February 25, 2013

Painting. Figure: Ocean S. Myers

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Figure: Ocean    S. Myers, Acrylic on Canvas  2013

     My newest painting began with inspiration from Baroque maps, where figures personifying seasons, continents, and oceans stand on either side or recline at the bottom, ornamenting already elaborate and fantastic charts.

      But I was also looking at pictures of Brazilian interiors.  And I was full of the colors and enchanting vistas of Raoul Dufy. So as I spread the brilliant blue, the brown, and the mica/iron gold paint on the canvas, I resolved, not to hold to a single influence, simply to create something that would show very well on a wall.

Fan Palm Photograph

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Sunburst Palm  
S. Myers, Photograph 2013
   Another photograph of a favorite subject, fan palms.

   Yes indeed, the sides of the picture really do go straight up, despite the attempt of this wonderful leaf to warp both verticals.

February 20, 2013

Ox, Charcoal Studies. S. Myers

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Ox: Charcoal Study      S. Myers, Charcoal on Paper

    He lay, a brilliant splash of red and white in the spring-green grass - the quiet owner of a gorgeous pair of horns. I’ve so wanted a picture of him for my art; but day after day as we drove past his field, I did not have my camera, or we didn’t have time, or he and his fellow steer were at the far end of their lot.
    But the other day I did capture his portrait. He didn’t mind my proximity, or my fuss with the camera. When spoken to, he looked at me with gentle unconcern.

   This first study was drawn while looking at the photograph and remembering the animal himself – his massive bulk, the extravagant span and curve of his horns.

ox, animal, bull, study, sketch, drawing, line-drawing, art, arte, quick, S. Myers, Sarah Myers, cattle, horns, strong
Ox from Memory, Study    S. Myers, Charcoal on Paper
    The second sketch is an experiment. I hid the photo from sight, also my resulting study, and simply drew from memory, trying to recall the information I had gathered.
    I really think this technique of working from mentally assembled information is similar to how the ancient Greeks created drawings for their pottery. There is both a certain simplification and a certain emphasis on memorable details in Greek pottery paintings that makes me think that though they gathered their primary information from life, painting on vases was not done directly from a live model. The forms had settled and brewed a little while in the consciousness, as a study and as a memory – of how a spine curves, of how a dog’s legs and head look from behind, of how fingers rest on a harp-string. Then the pot-painters created the red and black shapes that parade across the best of Greek ceramics – depictions of men, women, horses, lions... and, very occasionally, a handsome ox...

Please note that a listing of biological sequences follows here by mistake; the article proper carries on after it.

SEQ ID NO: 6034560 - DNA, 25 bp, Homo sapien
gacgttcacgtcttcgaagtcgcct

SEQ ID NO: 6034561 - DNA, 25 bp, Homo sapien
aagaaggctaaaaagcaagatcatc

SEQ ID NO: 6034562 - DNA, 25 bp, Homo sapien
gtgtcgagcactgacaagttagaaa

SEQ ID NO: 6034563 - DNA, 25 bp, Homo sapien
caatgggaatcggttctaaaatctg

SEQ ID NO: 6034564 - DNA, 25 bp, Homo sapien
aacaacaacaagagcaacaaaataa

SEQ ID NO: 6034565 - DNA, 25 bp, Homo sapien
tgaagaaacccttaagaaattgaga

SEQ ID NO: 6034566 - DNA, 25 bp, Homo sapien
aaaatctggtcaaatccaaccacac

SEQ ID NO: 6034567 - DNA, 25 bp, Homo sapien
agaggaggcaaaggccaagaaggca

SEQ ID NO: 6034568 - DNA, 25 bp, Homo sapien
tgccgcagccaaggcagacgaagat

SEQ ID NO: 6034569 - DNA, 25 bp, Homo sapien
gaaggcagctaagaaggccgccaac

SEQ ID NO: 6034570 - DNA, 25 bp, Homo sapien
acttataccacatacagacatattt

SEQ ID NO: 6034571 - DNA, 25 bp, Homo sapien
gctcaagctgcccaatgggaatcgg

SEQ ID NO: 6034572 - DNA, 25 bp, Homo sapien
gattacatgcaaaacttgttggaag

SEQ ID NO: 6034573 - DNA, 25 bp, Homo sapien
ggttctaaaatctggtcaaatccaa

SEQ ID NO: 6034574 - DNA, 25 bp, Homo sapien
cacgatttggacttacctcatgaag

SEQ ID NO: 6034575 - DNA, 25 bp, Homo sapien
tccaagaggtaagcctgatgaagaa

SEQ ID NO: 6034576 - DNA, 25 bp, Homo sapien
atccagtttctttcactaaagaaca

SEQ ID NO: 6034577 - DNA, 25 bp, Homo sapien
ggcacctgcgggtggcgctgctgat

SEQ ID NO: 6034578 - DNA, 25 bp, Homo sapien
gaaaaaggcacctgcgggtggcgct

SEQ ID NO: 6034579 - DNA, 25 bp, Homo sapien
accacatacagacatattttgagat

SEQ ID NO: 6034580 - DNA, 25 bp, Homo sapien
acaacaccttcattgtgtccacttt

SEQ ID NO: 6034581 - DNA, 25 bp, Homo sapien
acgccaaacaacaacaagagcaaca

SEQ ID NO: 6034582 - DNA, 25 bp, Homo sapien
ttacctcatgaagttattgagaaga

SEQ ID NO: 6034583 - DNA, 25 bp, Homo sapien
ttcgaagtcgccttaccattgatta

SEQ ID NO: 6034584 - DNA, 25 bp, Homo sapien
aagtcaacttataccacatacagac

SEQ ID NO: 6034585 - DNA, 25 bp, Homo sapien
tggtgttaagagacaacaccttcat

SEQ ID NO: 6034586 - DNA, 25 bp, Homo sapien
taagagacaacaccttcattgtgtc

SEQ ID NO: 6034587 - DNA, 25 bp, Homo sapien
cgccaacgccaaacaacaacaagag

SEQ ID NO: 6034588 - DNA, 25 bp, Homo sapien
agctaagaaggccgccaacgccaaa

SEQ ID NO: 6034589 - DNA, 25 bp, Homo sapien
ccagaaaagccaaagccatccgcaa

Hovering Orchids Photograph

orchids, photograph, hovering, art, arte, S. Myers, Sarah Myers, flowers, plants, pink, white
Hovering Orchids, S. Myers
Photograph 2013

February 13, 2013

Violinist, Drawing S. Myers

Music: Violin
    S. Myers, Charcoal on Paper

   This drawing is inspired by two sources I find marvelous: classical music and skillful hands.
    Someday, I tell myself, I will sketch a series, studies of hands belonging to musicians, potters, carpenters, couturiers and others.  Because every creative profession produces its own unconscious poise and typical movement in the fingers.
   Here I also tried to capture concentration in the eyes...

Bull Box

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Box in the shape of a Bull     S. Myers
Red Earthenware

    I built this box from clay some time ago as a Christmas gift.
    I lived for many years in a suburb surrounded by fields and the fields were full of meat cattle - deep-bodied, low to the ground, like immense rectangles with small, handsome heads.  I may have exaggerated the squareness here, even for one of those bulls - but it is certainly right for a box!